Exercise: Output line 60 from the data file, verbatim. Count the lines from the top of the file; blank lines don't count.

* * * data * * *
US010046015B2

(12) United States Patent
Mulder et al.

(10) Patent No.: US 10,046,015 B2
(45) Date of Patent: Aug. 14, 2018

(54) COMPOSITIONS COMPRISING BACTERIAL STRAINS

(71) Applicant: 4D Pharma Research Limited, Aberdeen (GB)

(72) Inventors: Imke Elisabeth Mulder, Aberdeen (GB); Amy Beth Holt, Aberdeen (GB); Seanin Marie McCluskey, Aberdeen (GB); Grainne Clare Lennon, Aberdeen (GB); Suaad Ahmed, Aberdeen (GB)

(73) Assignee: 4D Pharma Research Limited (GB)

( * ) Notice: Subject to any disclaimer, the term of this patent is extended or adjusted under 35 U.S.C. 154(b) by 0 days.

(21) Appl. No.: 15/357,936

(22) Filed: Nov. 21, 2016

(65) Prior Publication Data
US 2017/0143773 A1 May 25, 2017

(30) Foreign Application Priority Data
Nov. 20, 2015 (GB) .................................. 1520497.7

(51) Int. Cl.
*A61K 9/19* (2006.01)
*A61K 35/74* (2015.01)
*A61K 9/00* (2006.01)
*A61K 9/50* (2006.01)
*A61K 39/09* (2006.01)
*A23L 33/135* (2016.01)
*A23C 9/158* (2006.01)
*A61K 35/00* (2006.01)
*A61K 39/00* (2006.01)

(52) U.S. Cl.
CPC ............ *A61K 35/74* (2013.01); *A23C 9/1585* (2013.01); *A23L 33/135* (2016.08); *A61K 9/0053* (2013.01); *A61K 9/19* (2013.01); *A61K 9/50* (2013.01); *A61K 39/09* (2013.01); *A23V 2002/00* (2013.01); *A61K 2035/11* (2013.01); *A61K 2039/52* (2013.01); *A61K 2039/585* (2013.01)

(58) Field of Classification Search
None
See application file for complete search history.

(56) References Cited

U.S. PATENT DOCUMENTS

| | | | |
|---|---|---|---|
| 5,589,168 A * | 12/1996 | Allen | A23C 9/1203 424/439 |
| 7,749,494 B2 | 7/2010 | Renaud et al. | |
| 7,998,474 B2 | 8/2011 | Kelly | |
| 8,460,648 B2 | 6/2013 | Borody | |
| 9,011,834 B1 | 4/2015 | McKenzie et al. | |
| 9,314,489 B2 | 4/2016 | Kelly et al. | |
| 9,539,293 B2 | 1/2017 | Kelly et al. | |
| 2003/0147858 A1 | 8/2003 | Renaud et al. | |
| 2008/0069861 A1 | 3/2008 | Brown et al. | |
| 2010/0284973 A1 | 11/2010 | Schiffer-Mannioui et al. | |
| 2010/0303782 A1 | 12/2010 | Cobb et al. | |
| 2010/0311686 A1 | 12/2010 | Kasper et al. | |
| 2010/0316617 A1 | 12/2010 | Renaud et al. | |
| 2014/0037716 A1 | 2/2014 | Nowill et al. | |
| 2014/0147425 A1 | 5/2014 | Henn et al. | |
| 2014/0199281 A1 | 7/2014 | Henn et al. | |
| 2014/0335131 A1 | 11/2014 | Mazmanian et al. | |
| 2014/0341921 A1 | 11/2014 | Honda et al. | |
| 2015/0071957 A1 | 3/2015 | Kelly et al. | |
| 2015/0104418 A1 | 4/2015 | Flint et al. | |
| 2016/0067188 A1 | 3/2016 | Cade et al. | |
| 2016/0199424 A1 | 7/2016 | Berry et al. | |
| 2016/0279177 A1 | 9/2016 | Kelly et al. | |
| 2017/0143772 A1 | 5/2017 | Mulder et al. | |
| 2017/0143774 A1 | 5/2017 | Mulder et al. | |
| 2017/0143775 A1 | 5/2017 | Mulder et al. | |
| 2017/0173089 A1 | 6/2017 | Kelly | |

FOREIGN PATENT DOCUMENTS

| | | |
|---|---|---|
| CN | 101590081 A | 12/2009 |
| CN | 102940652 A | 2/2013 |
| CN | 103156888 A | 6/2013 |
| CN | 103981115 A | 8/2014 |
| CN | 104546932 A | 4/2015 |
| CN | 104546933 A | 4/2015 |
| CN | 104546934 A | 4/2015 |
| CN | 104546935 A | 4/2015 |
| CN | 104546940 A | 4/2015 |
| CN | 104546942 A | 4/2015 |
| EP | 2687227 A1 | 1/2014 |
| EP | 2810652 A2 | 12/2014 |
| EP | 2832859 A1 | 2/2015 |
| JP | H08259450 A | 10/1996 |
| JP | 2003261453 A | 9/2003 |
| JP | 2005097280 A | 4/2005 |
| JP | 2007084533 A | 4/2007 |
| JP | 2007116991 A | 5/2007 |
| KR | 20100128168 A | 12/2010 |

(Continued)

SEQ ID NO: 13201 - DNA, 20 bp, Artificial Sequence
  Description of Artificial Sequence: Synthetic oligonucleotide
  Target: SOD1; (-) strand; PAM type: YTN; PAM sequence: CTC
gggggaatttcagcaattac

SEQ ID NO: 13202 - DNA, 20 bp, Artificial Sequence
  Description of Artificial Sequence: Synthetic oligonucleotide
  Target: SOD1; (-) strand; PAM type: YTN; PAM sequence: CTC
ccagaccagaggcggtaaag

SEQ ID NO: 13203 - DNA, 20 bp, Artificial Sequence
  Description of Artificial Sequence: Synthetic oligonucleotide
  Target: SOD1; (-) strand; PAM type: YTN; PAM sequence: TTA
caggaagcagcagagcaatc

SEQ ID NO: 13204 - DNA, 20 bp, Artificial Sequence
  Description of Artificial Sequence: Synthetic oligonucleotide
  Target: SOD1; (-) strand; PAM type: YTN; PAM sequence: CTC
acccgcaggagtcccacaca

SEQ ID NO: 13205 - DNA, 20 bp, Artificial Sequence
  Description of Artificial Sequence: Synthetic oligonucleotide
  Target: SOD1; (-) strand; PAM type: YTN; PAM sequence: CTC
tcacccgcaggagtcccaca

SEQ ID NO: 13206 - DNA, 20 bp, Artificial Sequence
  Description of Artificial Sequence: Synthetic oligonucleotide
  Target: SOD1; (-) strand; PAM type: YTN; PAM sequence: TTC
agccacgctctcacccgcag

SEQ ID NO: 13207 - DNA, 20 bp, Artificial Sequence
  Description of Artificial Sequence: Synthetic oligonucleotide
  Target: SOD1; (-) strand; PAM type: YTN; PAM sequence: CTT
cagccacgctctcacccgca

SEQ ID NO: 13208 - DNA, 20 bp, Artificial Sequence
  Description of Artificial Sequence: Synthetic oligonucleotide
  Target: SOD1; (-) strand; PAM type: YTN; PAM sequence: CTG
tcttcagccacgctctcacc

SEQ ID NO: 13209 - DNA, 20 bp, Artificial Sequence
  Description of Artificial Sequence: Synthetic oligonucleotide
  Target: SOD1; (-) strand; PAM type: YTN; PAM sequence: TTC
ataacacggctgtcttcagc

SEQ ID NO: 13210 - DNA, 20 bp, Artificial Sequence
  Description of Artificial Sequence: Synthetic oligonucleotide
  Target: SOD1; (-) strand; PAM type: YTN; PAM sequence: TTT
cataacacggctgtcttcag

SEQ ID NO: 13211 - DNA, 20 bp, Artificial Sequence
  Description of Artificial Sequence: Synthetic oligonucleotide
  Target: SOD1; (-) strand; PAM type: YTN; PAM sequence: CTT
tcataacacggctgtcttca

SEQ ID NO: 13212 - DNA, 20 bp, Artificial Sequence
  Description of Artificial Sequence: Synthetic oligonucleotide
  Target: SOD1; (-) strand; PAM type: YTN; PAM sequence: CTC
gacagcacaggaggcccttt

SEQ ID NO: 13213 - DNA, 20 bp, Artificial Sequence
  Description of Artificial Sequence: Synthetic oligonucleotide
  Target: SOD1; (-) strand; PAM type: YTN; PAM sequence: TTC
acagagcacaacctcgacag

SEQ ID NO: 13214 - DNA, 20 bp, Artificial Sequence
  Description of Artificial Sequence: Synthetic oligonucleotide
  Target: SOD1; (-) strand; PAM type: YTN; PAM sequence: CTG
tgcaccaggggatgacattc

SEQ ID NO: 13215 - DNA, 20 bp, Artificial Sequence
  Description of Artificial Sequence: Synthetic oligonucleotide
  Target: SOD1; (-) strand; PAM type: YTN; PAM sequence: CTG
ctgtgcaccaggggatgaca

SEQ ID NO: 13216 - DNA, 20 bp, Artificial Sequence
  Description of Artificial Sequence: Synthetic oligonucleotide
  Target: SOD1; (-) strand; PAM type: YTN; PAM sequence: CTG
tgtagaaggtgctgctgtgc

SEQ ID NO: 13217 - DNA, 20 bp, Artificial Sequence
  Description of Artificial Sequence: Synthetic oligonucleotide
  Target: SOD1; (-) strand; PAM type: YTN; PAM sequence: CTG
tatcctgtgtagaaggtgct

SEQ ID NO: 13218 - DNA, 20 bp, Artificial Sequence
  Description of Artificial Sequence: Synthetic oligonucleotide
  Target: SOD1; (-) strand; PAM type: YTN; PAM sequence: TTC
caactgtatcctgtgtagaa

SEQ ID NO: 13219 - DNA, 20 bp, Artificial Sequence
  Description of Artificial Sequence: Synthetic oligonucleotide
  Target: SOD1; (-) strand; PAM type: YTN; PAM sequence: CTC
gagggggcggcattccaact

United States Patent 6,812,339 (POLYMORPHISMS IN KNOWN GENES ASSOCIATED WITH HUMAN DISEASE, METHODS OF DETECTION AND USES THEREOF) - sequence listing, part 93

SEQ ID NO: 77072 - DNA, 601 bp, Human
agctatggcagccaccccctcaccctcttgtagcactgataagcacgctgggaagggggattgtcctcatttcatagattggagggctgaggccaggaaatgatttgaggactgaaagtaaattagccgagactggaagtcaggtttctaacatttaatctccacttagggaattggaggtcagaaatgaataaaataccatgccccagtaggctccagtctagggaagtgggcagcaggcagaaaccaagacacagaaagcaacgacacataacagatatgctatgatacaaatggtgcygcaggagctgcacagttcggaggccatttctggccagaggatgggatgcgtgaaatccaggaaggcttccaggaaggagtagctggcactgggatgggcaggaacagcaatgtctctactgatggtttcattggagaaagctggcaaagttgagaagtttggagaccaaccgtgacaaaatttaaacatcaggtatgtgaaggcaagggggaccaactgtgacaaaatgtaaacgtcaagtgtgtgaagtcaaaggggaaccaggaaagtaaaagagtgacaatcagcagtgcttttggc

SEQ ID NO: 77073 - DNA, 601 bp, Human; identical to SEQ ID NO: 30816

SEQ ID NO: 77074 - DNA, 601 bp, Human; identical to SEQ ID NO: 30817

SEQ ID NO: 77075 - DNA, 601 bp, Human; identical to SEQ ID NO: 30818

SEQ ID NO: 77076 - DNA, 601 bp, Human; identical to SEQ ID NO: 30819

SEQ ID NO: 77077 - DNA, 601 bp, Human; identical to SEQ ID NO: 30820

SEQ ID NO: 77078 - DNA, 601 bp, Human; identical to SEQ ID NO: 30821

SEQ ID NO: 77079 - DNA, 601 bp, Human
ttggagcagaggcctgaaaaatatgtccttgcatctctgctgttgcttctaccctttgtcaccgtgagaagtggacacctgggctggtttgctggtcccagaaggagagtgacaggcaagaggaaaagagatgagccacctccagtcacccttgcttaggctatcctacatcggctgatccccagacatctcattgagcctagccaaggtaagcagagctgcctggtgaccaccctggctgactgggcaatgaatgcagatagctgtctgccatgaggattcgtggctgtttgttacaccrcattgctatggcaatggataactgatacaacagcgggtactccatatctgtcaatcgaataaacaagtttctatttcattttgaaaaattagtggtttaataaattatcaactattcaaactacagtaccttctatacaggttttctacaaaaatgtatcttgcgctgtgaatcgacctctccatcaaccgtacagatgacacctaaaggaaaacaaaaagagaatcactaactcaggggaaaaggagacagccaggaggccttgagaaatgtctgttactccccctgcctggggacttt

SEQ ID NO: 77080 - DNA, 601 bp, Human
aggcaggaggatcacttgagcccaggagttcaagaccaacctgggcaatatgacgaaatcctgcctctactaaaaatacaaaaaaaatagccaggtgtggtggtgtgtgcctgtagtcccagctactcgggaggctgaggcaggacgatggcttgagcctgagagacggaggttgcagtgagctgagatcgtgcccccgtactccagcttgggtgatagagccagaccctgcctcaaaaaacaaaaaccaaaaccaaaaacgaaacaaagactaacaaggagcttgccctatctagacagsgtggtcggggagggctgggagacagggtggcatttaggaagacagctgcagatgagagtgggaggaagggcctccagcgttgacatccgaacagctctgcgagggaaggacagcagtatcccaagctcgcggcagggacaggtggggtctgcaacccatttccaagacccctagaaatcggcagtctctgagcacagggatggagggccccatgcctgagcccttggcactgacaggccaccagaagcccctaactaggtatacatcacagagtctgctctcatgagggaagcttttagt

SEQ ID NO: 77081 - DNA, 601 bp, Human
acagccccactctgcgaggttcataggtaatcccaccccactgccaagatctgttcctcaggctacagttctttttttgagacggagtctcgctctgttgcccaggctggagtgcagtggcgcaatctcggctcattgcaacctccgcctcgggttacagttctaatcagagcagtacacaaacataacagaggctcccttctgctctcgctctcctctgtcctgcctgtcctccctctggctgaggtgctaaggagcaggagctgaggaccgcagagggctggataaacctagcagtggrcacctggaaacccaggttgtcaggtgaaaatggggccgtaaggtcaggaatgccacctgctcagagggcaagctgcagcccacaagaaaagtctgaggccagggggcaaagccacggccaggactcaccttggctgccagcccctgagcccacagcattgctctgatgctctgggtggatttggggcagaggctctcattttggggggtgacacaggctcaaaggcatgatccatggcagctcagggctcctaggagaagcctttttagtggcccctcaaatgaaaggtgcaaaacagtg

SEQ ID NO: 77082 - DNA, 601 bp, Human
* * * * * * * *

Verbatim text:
| 2017/0143774 A1 | 5/2017 | Mulder et al. | |